AMD has big plans for its GPUs and one of the biggest shake ups will be the new DisplayPort 1.3 connector.
Rather than teasing the incredible clock speeds its next graphics cards will have, the company gleefully explained that the new DisplayPort standard will be able to power 5K displays with a single cable. Additionally, the new video cable standard could allow 2016 AMD graphics cards to drive HDR-enabled 4K monitors at high-frame rates of 144Hz.
As it stands Thunderbolt is one of the best solutions to drive multiple Ultra HD displays because it supports a bandwidth up to 40Gbps. According to AMD, DisplayPort 1.3 can almost match this, carrying up to 32.4Gbps of bandwidth.
With all the extra data carrying capacity, AMD foresees DP 1.3 will help its 2016 GPUs drive 1080p HDR displays at 240hz, 170hz for HDR 1440p screens, 4K HDR monitors at 60Hz and 5K displays with a standard color gamut at 60Hz.
Freedom for FreeSync
AMD has introduced FreeSync over HDMI, effectively making the most accessible solution for reducing screen tearing and frame stuttering.
In the last few years Nvidia and AMD have been duking it out to provide the smoothest gameplay experience for PC gamers. While Nvidia introduced a proprietary G-Sync system that only works with its GPUs and compatible monitors, AMD introduced FreeSync which was compatible with a larger pool of screens so long as they had DisplayPort 1.2a and users had a Radeon-series GPU.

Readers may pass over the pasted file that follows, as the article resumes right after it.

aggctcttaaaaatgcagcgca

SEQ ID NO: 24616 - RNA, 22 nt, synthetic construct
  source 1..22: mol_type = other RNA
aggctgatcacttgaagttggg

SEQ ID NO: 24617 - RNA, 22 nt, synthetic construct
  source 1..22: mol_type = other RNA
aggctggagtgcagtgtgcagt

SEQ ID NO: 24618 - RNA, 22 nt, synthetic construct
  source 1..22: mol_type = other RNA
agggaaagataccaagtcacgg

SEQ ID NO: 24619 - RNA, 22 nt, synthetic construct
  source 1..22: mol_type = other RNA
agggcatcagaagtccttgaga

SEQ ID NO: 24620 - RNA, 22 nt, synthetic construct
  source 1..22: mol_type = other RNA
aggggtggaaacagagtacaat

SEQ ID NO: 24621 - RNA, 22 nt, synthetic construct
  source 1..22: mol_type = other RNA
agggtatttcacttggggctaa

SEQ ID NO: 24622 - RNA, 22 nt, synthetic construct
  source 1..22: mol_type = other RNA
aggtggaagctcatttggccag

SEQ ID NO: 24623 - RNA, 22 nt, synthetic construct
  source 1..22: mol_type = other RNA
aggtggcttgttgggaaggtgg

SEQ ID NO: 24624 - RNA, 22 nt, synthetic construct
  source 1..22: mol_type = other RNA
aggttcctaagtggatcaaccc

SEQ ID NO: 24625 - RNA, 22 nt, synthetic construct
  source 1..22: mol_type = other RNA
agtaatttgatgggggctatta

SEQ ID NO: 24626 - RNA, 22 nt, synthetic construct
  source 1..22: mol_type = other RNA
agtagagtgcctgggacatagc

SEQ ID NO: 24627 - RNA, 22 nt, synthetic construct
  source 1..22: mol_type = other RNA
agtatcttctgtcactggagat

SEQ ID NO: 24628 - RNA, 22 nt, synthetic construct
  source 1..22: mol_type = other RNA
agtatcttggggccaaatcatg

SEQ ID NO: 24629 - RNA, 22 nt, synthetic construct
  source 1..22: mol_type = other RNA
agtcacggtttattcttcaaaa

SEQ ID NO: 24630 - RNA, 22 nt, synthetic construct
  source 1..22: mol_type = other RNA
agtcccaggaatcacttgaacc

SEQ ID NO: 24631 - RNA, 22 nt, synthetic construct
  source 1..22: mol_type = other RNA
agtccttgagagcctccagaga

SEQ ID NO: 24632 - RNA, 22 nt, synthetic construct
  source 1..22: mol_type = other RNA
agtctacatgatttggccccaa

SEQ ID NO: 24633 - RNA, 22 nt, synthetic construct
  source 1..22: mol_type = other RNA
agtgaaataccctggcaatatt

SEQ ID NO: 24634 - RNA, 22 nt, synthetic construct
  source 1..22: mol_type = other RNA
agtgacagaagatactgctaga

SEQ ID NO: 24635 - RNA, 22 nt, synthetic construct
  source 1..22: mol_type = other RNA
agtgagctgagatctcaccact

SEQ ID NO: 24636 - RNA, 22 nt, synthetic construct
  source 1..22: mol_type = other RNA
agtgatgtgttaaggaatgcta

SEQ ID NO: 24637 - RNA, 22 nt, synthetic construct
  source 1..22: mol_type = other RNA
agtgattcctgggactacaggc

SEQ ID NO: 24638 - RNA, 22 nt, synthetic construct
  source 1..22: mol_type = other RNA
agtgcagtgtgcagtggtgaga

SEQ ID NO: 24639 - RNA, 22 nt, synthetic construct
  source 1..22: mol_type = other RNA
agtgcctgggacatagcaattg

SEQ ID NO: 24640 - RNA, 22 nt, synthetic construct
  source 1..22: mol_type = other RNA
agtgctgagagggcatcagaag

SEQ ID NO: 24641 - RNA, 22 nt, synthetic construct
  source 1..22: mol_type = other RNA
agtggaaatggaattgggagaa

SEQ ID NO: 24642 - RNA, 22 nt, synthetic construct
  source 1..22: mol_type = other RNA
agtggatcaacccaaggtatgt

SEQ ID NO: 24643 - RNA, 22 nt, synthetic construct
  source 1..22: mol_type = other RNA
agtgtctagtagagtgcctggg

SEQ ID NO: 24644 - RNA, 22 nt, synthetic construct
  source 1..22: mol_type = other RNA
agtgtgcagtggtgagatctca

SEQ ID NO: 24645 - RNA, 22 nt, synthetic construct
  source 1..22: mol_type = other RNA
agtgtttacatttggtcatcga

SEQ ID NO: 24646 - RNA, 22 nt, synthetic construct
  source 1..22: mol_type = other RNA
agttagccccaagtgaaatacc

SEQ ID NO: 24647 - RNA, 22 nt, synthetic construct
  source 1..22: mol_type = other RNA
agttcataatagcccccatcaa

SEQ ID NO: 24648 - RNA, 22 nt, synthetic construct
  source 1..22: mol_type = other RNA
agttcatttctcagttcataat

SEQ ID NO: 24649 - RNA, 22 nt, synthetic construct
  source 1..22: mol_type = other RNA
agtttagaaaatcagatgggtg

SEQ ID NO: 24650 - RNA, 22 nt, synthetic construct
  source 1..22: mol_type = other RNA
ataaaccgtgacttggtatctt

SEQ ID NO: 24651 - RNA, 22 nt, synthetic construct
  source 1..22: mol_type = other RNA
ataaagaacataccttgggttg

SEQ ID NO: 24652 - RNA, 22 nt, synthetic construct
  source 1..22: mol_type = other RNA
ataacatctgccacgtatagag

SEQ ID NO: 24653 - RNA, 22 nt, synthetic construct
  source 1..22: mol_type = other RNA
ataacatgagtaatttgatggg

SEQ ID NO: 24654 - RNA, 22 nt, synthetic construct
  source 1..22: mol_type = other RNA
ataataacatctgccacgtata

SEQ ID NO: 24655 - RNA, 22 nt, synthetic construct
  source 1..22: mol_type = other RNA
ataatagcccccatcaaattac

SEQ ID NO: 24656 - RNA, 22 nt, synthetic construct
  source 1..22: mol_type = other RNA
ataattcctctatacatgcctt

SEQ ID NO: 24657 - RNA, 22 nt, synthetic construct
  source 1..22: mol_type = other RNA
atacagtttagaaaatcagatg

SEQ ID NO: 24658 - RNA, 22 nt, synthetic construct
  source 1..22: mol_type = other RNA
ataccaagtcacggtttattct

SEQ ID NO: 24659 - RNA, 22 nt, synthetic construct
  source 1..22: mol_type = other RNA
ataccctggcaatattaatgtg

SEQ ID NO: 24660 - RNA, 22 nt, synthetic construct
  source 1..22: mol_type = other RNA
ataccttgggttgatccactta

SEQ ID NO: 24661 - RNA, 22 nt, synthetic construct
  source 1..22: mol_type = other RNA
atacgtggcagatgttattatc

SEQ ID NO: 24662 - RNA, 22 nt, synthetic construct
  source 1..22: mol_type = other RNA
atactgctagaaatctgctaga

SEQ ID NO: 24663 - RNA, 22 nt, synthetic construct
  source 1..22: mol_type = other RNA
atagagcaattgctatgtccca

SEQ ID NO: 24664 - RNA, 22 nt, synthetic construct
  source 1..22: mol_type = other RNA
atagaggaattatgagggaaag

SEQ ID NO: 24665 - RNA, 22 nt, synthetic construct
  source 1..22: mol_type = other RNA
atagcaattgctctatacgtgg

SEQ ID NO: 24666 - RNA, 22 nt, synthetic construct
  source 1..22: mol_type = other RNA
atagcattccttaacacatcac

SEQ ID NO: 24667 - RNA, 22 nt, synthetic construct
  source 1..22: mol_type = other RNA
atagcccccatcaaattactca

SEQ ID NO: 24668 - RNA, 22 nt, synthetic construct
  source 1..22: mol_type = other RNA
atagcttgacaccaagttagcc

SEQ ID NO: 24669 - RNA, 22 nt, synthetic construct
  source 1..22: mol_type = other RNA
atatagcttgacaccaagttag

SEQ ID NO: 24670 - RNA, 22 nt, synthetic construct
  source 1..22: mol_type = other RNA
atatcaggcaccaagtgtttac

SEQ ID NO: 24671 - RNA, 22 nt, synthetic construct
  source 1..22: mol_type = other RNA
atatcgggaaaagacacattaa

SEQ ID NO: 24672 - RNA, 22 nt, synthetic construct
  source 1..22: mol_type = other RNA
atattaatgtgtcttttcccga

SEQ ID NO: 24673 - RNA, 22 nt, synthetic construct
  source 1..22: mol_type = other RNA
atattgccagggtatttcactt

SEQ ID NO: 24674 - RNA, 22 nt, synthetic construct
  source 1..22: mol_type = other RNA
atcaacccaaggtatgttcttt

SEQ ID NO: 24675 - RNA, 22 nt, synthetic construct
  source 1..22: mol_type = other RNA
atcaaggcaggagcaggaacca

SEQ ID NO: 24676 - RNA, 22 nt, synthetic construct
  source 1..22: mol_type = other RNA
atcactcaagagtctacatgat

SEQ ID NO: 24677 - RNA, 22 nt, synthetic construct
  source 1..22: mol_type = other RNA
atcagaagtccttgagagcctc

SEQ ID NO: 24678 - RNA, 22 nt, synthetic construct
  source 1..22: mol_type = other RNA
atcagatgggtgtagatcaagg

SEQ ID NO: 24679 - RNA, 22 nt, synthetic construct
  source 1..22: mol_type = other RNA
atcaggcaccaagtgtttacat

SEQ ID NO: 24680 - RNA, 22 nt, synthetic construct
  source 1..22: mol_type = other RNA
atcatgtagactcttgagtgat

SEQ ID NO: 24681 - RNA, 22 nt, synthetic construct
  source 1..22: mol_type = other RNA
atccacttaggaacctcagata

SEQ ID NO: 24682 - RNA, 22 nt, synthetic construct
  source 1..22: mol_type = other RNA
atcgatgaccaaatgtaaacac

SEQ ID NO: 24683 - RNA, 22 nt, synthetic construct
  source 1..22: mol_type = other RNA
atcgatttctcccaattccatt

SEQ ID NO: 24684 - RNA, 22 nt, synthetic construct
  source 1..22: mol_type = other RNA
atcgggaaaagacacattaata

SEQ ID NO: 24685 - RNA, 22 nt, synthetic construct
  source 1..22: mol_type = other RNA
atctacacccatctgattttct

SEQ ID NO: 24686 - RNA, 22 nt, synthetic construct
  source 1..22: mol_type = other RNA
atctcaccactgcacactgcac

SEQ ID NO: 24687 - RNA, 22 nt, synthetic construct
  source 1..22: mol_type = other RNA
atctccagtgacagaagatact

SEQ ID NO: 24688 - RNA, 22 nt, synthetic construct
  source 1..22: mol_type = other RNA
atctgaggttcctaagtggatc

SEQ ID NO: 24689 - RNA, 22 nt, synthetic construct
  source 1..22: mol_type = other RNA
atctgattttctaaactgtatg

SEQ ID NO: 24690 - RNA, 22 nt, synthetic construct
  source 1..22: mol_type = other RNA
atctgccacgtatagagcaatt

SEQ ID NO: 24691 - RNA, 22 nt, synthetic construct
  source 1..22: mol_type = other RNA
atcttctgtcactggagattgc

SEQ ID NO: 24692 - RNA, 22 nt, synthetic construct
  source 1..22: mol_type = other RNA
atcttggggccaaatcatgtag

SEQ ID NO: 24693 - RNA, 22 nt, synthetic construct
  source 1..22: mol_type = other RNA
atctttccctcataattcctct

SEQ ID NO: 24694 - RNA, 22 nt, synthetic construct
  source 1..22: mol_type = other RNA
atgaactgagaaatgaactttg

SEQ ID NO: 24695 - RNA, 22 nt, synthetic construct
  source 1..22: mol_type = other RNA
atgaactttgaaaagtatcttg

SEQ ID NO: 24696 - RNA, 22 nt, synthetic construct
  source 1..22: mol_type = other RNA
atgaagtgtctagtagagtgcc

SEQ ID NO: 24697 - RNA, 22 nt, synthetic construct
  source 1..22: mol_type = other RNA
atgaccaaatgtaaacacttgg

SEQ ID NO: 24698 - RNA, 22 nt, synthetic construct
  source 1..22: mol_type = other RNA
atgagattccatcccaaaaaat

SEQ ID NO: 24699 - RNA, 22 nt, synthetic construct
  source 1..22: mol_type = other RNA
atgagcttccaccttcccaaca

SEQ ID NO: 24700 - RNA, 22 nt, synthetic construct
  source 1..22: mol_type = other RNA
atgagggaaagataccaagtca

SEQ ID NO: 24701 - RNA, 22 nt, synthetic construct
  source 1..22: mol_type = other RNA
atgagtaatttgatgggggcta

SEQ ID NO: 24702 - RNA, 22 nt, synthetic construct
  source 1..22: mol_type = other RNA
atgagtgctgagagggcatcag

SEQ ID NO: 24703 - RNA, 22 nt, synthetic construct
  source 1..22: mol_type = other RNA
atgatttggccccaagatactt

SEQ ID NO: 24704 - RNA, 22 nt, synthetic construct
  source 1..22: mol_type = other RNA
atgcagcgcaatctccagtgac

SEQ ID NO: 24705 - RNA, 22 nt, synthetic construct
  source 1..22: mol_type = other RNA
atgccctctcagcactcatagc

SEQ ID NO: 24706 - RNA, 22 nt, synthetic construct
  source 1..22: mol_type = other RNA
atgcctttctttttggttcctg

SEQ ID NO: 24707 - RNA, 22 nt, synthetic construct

Now with the introduction of FreeSync through HDMI coming early next year, AMD claims it will optimize the refresh rate for many more mainstream monitors, 70% of which lack a DisplayPort connector. On top of computer monitors, AMD has also been working with companies including LG, Samsung and Acer to deliver FreeSync over HDMI functionality to compatible displays including televisions.
Color is the future
On top of fixing people's frame rates, AMD also introduced high-dynamic range to help boost the color gamut and black levels of certain displays.
Unfortunately, the criteria for an HDR compatible display is a bit more stringent. Users will need a screen with the following features in order to get HDR working correctly:
- Brightness between 600-1200 cd/m2 luminance
- Contrast ratios that closely mirror human visual sensitivity to contrast (SMPTE 2084)
- 10 bit per color and the ability to display over 1 billion colors
Additionally, users will need a Radeon R9 300 Series GPUs on top of a compatible HDR display. AMD posited its 2016 GPUs will extend HDR support to both gaming and movies. The company is also collaborating with top game developers to enable HDR output in 2016 games with more developments to share next year.
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Kevin Lee was a former computing reporter at TechRadar. Kevin is now the SEO Updates Editor at IGN based in New York. He handles all of the best of tech buying guides while also dipping his hand in the entertainment and games evergreen content. Kevin has over eight years of experience in the tech and games publications with previous bylines at Polygon, PC World, and more. Outside of work, Kevin is major movie buff of cult and bad films. He also regularly plays flight & space sim and racing games. IRL he's a fan of archery, axe throwing, and board games.